Ignorance May Be Bliss…But Ignoring Won’t Be


Ignorance May Be Bliss…But Ignoring Won’t Be

Although our three readings today offer a strong theme of perseverance, there is a deeper and more important message coming through.  We understand it in the First Reading only if we remember who Moses is.  Revisit the Transfiguration passage in the Gospels.

Moses is the LAW giver.  Therefore, when his arm is raised it indicates the Rule of LAW is strong: perhaps that is why we have the English expression: “the long/strong arm of the law.”

Conversely, when the arms of Moses fall, the Israelites start losing the battle.  This indicates that when the LAW is not upheld, then society begins to suffer.

The Gospel passage complements the First Reading (not surprisingly!), by showing that even the poorest person in Society has a role in fighting to uphold the Rule of LAW.

By extension, that is a great challenge for each one of us.  From the First Reading, it is you and I who are invited to help Moses hold up his arms.
Not by physically holding his arms, but by fighting to uphold the LAW wherever we are.

When we see injustice, but do little about it, we are not holding up the arm of Moses.  In his address to Univ. of Notre Dame (USA) by US Attorney General, William Barr said (13-10-19):

“…declining religious values and the loss of the “traditional moral order” is causing many of society’s ills. … because of a ‘moral upheaval’ there has been an increase in drug use, children born out of wedlock, and people being alienatedThe campaign to destroy the traditional moral order has coincided and, I believe, has brought with it immense suffering and misery.  And yet the forces of secularism, ignoring these tragic results, press on with even greater militancy.”

What can we do?  Most of us are not in a position to change culture.
But each of us in our own way can keep the truth alive.  The LAW that Moses represents is not so much the Taxation, Road or Criminal Laws of a country, but the LAW of Life: of goodness.

Two years ago I was given a book called: POST TRUTH – the new war on truth and how to fight back, by Matthew D’Ancona.  It proposes that people no longer wants to hear the hard Truths about our world.  What we prefer to hear – and this is why we buy newspapers – is emotionally pleasing stories: news that makes us feel good (and I don’t have to do anything!).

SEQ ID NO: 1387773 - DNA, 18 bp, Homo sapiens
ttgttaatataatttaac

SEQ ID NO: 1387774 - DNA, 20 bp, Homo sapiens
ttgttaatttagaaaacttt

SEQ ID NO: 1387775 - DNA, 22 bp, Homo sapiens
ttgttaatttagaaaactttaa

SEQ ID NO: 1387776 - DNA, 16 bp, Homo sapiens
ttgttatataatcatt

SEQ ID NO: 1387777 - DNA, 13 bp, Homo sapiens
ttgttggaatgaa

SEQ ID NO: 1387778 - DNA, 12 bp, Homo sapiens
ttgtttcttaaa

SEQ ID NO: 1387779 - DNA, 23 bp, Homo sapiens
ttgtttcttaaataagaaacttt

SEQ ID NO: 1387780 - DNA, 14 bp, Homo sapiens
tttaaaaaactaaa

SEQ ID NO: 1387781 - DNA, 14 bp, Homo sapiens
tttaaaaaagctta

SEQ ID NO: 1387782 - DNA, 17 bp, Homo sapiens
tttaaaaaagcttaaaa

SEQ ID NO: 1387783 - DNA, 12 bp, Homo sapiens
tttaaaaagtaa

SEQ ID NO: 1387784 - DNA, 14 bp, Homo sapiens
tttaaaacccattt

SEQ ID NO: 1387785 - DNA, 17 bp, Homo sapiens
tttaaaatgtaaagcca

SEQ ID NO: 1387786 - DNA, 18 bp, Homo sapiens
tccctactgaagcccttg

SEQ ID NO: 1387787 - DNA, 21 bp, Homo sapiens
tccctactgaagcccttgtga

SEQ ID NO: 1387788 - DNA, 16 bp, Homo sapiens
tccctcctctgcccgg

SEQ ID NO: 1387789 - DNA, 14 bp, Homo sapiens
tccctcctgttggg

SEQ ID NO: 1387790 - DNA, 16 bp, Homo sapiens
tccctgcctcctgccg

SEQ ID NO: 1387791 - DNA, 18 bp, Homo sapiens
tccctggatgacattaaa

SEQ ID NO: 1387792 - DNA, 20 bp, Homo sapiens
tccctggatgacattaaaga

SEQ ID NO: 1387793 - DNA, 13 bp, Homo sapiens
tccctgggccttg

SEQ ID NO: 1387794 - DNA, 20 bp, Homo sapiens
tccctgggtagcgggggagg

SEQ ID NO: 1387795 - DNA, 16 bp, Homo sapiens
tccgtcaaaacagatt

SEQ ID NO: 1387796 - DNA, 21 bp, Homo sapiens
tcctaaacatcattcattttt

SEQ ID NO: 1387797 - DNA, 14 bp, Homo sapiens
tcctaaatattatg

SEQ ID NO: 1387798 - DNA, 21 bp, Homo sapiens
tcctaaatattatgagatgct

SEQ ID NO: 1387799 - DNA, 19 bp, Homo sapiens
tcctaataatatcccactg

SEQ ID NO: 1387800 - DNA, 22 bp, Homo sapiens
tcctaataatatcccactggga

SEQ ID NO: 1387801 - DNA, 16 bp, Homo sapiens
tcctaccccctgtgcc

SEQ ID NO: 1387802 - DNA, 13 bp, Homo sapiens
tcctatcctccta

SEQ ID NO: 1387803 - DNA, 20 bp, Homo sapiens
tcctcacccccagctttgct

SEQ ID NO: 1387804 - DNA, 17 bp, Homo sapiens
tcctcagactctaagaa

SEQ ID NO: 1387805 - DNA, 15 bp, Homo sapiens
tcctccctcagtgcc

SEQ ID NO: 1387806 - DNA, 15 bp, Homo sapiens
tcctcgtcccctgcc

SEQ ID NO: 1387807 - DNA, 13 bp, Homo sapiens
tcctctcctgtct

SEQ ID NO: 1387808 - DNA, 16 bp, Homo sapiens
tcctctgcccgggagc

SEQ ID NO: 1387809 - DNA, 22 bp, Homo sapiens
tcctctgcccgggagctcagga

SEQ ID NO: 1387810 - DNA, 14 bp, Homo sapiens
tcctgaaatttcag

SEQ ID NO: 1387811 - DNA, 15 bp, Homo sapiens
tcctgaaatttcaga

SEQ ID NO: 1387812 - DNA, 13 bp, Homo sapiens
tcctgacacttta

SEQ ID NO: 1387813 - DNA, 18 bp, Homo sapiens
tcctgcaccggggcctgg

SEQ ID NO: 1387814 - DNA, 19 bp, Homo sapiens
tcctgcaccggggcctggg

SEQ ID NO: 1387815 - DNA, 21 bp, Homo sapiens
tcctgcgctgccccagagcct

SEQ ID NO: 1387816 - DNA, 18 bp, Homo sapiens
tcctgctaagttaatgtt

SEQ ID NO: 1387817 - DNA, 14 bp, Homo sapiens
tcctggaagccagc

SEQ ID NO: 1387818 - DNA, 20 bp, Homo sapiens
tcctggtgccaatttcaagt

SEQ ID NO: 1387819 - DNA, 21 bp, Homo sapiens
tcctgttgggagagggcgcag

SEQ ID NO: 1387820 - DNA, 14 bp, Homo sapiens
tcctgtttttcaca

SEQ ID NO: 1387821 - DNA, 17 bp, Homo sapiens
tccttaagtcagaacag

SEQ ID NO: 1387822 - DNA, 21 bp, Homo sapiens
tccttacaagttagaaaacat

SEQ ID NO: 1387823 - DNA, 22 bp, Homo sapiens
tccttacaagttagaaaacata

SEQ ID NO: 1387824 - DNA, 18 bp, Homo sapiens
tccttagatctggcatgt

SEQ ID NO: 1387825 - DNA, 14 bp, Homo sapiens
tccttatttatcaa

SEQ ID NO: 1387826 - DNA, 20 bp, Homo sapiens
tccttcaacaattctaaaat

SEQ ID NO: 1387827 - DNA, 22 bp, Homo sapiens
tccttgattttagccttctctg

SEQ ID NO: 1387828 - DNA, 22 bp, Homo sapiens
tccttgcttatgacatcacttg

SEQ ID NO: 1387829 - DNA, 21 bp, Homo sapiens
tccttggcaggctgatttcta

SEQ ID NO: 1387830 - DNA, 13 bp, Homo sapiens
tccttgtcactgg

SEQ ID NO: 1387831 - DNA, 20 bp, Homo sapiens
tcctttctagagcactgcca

So, I propose a question for us today: where are we at?  Are we ready to hear the truth?  First of all about ourselves and then our society?

Secondly, what kind of society do we want tomorrow?  Because unless we reflect about it, we will not know how to create it.

The Unjust Judge in the Gospel should be a great symbol for us: it’s not important that we enjoy giving justice to others, but that we recognise this:  unless we provide justice for others they will “worry me to death!”  Of course, doing it with a good spirit will also make us joyful!

In the Christian context, justice for the poor is the basis of society: especially the widow, the orphan and the stranger.  But why the poor?

I believe when we care for the poor we also give hope to everyone who is not poor.  No one need fear being “left out.”  If our community cares for those least in it, then I’m also OK.

Finally, the battle against evil does not have to be difficult: we just need to be united to speaking the truth: this is one of the lessons from the young men holding up the arms of Moses.

In America at the moment, small groups of Catholics are mobilising to protect the Truth.  One of them is called CATHOLIC VOTE.  Encouraging Catholics to register and vote.

Perhaps some of the groups fighting for Justice can be labelled “right-wing” or “ultra-conservative”.  Perhaps their approach is not perfect.  But, upon reflection, there is something noble and good in their desire to unite like-minded Christians for the good of society.

I invite each of us to look around our Society and try to connect with those who are doing small actions that help the poor (with their many faces), or challenge the secular society that focuses on pleasure rather than goodness.  Recently, I re-connected with a former mentor in Perth who helps run a “Spirit of the Streets Choir:”  provides an environment where people from all walks of life and all social backgrounds can come together in song and friendship. The Choir provides an opportunity for people who experience social exclusion or disadvantage to participate as active members of a performing choir in a safe, welcoming and non-judgmental environment. Through  the  activities  of  the  choir,  we aim to  help  break  down  the barriers and perceptions that cause isolation and marginalisation (see Facebook page).

What can we do to create a better tomorrow? Because doing nothing will destroy our tomorrow.

By Gerard Conlan, OMI